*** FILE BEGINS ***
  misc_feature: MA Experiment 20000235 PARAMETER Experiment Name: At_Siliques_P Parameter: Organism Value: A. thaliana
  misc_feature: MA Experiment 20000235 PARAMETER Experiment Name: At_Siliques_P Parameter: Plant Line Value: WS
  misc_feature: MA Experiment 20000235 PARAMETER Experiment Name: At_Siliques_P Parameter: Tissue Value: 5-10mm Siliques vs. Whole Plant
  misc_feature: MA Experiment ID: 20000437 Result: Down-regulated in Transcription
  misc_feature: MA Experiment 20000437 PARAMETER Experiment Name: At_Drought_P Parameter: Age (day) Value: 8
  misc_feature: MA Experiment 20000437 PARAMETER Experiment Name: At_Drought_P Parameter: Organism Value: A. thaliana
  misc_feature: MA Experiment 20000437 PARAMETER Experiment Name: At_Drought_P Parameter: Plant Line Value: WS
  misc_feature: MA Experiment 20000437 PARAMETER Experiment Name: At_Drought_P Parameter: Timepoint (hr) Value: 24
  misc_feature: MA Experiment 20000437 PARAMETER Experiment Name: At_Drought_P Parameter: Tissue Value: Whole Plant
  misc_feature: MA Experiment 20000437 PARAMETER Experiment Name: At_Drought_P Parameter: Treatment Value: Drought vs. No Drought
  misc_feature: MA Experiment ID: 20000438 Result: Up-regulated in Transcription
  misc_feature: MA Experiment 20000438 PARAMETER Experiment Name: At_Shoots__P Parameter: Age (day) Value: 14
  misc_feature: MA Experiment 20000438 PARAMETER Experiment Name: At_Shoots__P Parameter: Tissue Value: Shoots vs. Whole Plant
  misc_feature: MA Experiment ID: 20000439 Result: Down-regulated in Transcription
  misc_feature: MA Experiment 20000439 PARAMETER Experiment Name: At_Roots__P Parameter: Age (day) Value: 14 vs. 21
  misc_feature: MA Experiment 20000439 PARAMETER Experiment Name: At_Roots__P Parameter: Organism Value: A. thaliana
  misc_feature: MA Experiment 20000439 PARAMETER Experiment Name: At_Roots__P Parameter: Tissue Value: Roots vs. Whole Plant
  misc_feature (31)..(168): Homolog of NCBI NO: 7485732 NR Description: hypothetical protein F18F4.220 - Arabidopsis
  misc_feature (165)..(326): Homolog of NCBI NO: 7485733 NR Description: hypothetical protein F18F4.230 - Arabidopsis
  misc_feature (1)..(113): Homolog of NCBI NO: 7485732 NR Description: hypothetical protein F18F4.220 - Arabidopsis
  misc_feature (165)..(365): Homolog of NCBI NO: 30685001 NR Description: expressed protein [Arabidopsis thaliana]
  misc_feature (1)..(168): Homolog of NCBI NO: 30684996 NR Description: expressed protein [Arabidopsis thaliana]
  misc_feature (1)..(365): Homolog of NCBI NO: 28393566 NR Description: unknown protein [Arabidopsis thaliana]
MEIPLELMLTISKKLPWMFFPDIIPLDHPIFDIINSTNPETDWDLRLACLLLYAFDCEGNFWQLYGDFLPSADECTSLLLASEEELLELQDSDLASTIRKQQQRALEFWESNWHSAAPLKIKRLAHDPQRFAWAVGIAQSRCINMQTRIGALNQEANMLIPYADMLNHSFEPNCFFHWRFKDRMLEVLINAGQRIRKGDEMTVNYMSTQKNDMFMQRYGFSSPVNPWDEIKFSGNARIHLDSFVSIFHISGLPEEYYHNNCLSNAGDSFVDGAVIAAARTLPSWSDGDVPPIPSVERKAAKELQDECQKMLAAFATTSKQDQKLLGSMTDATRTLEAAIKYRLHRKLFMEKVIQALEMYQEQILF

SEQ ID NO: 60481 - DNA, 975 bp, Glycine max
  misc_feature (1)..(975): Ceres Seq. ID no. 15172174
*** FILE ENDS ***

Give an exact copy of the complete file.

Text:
  misc_feature: MA Experiment 20000235 PARAMETER Experiment Name: At_Siliques_P Parameter: Organism Value: A. thaliana
  misc_feature: MA Experiment 20000235 PARAMETER Experiment Name: At_Siliques_P Parameter: Plant Line Value: WS
  misc_feature: MA Experiment 20000235 PARAMETER Experiment Name: At_Siliques_P Parameter: Tissue Value: 5-10mm Siliques vs. Whole Plant
  misc_feature: MA Experiment ID: 20000437 Result: Down-regulated in Transcription
  misc_feature: MA Experiment 20000437 PARAMETER Experiment Name: At_Drought_P Parameter: Age (day) Value: 8
  misc_feature: MA Experiment 20000437 PARAMETER Experiment Name: At_Drought_P Parameter: Organism Value: A. thaliana
  misc_feature: MA Experiment 20000437 PARAMETER Experiment Name: At_Drought_P Parameter: Plant Line Value: WS
  misc_feature: MA Experiment 20000437 PARAMETER Experiment Name: At_Drought_P Parameter: Timepoint (hr) Value: 24
  misc_feature: MA Experiment 20000437 PARAMETER Experiment Name: At_Drought_P Parameter: Tissue Value: Whole Plant
  misc_feature: MA Experiment 20000437 PARAMETER Experiment Name: At_Drought_P Parameter: Treatment Value: Drought vs. No Drought
  misc_feature: MA Experiment ID: 20000438 Result: Up-regulated in Transcription
  misc_feature: MA Experiment 20000438 PARAMETER Experiment Name: At_Shoots__P Parameter: Age (day) Value: 14
  misc_feature: MA Experiment 20000438 PARAMETER Experiment Name: At_Shoots__P Parameter: Tissue Value: Shoots vs. Whole Plant
  misc_feature: MA Experiment ID: 20000439 Result: Down-regulated in Transcription
  misc_feature: MA Experiment 20000439 PARAMETER Experiment Name: At_Roots__P Parameter: Age (day) Value: 14 vs. 21
  misc_feature: MA Experiment 20000439 PARAMETER Experiment Name: At_Roots__P Parameter: Organism Value: A. thaliana
  misc_feature: MA Experiment 20000439 PARAMETER Experiment Name: At_Roots__P Parameter: Tissue Value: Roots vs. Whole Plant
  misc_feature (31)..(168): Homolog of NCBI NO: 7485732 NR Description: hypothetical protein F18F4.220 - Arabidopsis
  misc_feature (165)..(326): Homolog of NCBI NO: 7485733 NR Description: hypothetical protein F18F4.230 - Arabidopsis
  misc_feature (1)..(113): Homolog of NCBI NO: 7485732 NR Description: hypothetical protein F18F4.220 - Arabidopsis
  misc_feature (165)..(365): Homolog of NCBI NO: 30685001 NR Description: expressed protein [Arabidopsis thaliana]
  misc_feature (1)..(168): Homolog of NCBI NO: 30684996 NR Description: expressed protein [Arabidopsis thaliana]
  misc_feature (1)..(365): Homolog of NCBI NO: 28393566 NR Description: unknown protein [Arabidopsis thaliana]
MEIPLELMLTISKKLPWMFFPDIIPLDHPIFDIINSTNPETDWDLRLACLLLYAFDCEGNFWQLYGDFLPSADECTSLLLASEEELLELQDSDLASTIRKQQQRALEFWESNWHSAAPLKIKRLAHDPQRFAWAVGIAQSRCINMQTRIGALNQEANMLIPYADMLNHSFEPNCFFHWRFKDRMLEVLINAGQRIRKGDEMTVNYMSTQKNDMFMQRYGFSSPVNPWDEIKFSGNARIHLDSFVSIFHISGLPEEYYHNNCLSNAGDSFVDGAVIAAARTLPSWSDGDVPPIPSVERKAAKELQDECQKMLAAFATTSKQDQKLLGSMTDATRTLEAAIKYRLHRKLFMEKVIQALEMYQEQILF

SEQ ID NO: 60481 - DNA, 975 bp, Glycine max
  misc_feature (1)..(975): Ceres Seq. ID no. 15172174